esmenet: Kanae standing at a window (kanae)
Today I came across a post about how Lev Grossman's The Magicians is a flawless allegory for grad school. Not having been to grad school, I couldn't tell you one way or the other whether this is correct, but I can definitely say I don't want to read that book or anything like it again to check.

I'd rather go to grad school, I'd rather go to ten grad schools. Better have your own shitty experiences (and maybe get something out of them -- education, networking, nervous breakdowns, anything) than spend time reading about someone else's.
esmenet: Little!Anthy with swords (anthy~)
It was worth reading. Lev Grossman's prose has sparks of absolute beauty in it—descriptive moments especially— and he writes excellent action scenes. The final Alice-vs.-[spoiler] scene was wonderful to read; I immediately forgot all the things I hated about the characters and just enjoyed. I loved watching her fight for and with not love & justice but anger and skill. Positively badass. The end of the fight, though . . . let's just say 'not to my taste' and 'rather problematic' and leave it at that. Combined with the book's other issues with female characters, it feels like a retreading of an old sexist trope. And everything after that was pretty much downhill; I ended up hating Quentin even more. What a jerk.

Also, I can't help but reflect that the thing Elliot does at the end of Book 3 would have been profoundly satisfying and not a little triumphant in something like Utena or Princess Tutu. (There's a quote from the Utena movie I want to compare it to, but it's kind of a spoiler for this here book.) It was written to be painful and hollow and it does read that way, but that's not at all how I am used to reading that sort of thing. Nor the way I like to.

I did enjoy Elliot's "I thought about being a queen," and [spoiler]'s reappearance at the very end, though.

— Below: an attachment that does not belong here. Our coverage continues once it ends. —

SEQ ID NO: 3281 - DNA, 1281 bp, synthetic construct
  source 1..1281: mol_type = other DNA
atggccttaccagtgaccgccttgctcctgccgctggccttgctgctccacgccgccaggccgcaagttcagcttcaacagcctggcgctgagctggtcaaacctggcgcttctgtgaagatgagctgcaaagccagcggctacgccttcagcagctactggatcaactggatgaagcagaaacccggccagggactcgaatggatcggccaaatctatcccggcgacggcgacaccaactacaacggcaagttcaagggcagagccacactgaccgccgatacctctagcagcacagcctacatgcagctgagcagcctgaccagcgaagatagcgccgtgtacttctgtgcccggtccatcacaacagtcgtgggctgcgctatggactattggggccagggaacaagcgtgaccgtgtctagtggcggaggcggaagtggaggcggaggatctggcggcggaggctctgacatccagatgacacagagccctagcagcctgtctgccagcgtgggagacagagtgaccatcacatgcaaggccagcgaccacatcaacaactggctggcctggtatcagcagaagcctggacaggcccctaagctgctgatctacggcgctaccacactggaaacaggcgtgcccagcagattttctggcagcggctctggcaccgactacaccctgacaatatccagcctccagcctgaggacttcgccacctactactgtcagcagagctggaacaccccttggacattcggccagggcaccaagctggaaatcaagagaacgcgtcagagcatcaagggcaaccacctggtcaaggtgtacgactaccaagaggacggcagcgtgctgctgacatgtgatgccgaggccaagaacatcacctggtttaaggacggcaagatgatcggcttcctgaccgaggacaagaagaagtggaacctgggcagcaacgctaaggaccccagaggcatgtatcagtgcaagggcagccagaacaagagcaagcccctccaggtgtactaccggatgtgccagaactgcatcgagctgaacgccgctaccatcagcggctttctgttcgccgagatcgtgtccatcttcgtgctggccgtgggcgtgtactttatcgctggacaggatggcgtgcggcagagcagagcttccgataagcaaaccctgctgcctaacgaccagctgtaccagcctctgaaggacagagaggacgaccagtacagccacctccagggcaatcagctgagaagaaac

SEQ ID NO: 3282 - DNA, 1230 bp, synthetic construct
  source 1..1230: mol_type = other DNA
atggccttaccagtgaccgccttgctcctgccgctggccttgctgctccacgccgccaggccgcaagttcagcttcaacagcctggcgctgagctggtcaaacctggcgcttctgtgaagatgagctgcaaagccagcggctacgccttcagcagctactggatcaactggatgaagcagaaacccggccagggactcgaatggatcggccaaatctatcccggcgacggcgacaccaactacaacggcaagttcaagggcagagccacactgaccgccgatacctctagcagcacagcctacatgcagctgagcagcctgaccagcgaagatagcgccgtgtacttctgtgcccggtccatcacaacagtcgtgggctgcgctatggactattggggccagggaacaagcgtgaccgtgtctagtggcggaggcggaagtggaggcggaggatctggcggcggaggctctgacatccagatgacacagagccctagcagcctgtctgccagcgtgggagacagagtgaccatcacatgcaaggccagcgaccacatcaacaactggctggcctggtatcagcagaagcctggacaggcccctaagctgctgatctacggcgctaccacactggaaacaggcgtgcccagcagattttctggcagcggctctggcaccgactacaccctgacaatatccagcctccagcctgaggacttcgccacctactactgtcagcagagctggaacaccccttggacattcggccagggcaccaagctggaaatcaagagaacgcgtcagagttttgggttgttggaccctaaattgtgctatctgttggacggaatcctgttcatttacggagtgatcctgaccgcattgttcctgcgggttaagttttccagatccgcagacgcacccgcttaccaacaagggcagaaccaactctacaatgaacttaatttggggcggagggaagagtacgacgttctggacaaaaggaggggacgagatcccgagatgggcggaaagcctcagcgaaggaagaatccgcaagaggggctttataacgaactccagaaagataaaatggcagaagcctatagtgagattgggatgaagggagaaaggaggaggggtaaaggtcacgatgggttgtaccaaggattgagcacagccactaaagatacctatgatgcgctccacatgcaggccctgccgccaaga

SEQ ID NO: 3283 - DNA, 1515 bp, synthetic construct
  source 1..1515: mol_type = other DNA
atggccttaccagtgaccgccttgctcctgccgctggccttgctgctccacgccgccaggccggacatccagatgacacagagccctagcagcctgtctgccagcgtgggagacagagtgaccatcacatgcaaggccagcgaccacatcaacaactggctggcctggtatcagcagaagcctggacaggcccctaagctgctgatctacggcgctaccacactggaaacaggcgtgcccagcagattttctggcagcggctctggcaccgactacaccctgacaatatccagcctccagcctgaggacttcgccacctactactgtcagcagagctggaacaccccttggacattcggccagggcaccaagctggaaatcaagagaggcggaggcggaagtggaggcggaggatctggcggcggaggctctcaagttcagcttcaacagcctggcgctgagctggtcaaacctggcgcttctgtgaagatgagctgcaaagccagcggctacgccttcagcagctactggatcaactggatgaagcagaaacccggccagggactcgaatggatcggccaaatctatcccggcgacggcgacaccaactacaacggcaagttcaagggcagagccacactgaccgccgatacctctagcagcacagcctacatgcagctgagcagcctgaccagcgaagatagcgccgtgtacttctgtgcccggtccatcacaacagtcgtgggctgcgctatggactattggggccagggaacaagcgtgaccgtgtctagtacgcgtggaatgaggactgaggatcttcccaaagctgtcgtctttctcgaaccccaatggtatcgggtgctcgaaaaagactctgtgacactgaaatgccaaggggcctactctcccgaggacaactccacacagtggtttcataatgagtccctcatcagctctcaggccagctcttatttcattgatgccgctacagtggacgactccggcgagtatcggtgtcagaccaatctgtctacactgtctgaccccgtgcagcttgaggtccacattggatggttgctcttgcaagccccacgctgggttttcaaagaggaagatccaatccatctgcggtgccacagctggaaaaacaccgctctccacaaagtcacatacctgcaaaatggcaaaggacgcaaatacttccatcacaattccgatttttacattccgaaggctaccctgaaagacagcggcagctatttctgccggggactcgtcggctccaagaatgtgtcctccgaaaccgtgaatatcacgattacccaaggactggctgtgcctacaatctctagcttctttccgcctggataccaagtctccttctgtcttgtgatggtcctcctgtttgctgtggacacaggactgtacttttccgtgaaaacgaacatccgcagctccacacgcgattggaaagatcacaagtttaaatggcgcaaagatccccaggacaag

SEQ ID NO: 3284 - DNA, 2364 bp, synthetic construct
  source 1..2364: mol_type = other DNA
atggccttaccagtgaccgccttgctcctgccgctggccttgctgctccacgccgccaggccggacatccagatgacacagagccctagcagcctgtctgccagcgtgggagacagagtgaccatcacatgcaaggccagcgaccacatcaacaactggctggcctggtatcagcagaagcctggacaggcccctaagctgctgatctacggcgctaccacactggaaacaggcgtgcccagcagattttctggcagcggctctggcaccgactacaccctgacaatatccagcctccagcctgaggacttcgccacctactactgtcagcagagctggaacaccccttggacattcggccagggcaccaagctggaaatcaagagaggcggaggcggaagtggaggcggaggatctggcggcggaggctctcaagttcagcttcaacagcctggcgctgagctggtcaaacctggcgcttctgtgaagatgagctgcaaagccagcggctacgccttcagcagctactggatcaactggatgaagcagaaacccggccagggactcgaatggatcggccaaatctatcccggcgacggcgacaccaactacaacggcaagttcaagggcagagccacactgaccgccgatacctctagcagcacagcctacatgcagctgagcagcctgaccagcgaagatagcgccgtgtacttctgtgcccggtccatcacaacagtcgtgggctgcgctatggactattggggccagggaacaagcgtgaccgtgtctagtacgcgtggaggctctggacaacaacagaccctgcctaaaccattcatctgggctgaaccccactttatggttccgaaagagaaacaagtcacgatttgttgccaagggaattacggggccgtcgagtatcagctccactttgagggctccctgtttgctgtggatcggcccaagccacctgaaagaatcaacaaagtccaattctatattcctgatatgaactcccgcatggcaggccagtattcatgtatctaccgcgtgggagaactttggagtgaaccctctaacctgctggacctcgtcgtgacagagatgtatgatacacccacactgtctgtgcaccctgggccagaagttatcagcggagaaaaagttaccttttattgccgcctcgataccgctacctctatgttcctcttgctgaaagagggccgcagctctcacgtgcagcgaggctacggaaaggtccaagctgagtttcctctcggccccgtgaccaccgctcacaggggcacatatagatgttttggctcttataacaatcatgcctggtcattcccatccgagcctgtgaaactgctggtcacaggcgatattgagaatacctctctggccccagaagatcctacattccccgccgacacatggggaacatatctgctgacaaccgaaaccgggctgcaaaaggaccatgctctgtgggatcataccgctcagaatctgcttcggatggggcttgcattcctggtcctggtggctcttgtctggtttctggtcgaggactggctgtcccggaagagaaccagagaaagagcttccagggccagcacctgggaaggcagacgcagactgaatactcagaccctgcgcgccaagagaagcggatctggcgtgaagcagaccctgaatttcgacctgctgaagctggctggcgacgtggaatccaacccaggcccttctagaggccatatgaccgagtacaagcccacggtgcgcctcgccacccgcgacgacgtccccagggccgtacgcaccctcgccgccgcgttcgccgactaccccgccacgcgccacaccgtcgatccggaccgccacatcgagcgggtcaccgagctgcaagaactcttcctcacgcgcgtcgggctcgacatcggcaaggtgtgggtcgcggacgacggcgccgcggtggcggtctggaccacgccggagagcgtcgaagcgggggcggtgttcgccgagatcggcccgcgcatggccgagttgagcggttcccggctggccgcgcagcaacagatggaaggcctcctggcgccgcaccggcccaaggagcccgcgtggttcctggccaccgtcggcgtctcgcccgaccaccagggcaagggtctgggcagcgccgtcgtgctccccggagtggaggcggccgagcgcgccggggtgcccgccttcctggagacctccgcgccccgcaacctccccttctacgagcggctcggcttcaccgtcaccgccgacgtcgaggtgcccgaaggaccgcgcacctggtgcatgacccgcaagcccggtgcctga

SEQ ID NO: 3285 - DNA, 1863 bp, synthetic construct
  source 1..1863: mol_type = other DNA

Verdict: Lev Grossman should write lots and lots more books, provided we can get someone else to do the plotting & characters.
esmenet: Fuu, Mugen, and Jin, all doing that ridiculous peace-sign-over-eyes pose (*dorky pose*)
My library got two new volumes of Hikaru no Go in! It is a nice antidote to The Magicians, being all about people with a deep abiding love for a board game.* But I can't stop bursting into laughter every time I see Ko Yeong-ha's face, because I keep thinking about him being a model or boyband member in his spare time. He has the pretty-boy face—I mean, there are an awful lot of good-looking people in Hikaru no Go, but Ko Yeong-ha is gorgeous. If this were shoujo, he'd be the rival love interest with all the smooth moves and the pretty eyelashes.

He even poses like a model. Brb, laughing even harder.

But even apart from all that, it's lots of fun watching all my favorite characters talking and playing midnight speed-go and going I MUST DEFEAT HIM. Oh, Hikaru no Go, you will always have space in my heart. <3


*Someday I will stop griping about that book, perhaps sometime next week. But it is full of people who have no *~deep feelings~* about anything, which annoys me, especially in the context of all the manga I am reading. It's just not a real story unless someone's being a giant dork about things they love, okay? *disapproving frown*
esmenet: Yuki Onna from Nurarihyon no Mago blowing through her first two fingers (yuki onna fuck yeah)
I really, really hate characters who don't care about anything. Like, you could give me the evilest dictator in the world and I would not hate them that much. I think it's partly a) why should I care about someone when they don't care about anything at all? and partly b) ye gods, do you even have the tiniest inkling of all the awesome things I could do with your resources? With your life? No, you obviously don't, because otherwise you would be doing them.

In related news, Penny has reappeared in The Magicians and I have something about that book to enjoy again. This is the man who just walked up and punched someone in the face because he was angry at them! That was such a departure from the rest of the book, someone actually having serious in-depth emotions and acting on them. It was very enjoyable. So you can see: SOMETHING IS GOING TO HAPPEN. Possibly even something exciting!

I think I'm going to need some A:TLA or something on hand to dose myself with, though, because this book is just so full of white people, it's disgusting. The only magical school in North America and it is like all white people. Eugh. (And don't think I didn't notice the serious lack of East and South-East Asian languages in all those magical incantations, book. Or African ones, either. Or, really, anything not European or 'Near Eastern'. When the book whose plot hinges on the total nonexistence of Native Americans is better at multicultural representation than you, you'd better believe you're doing something wrong.)

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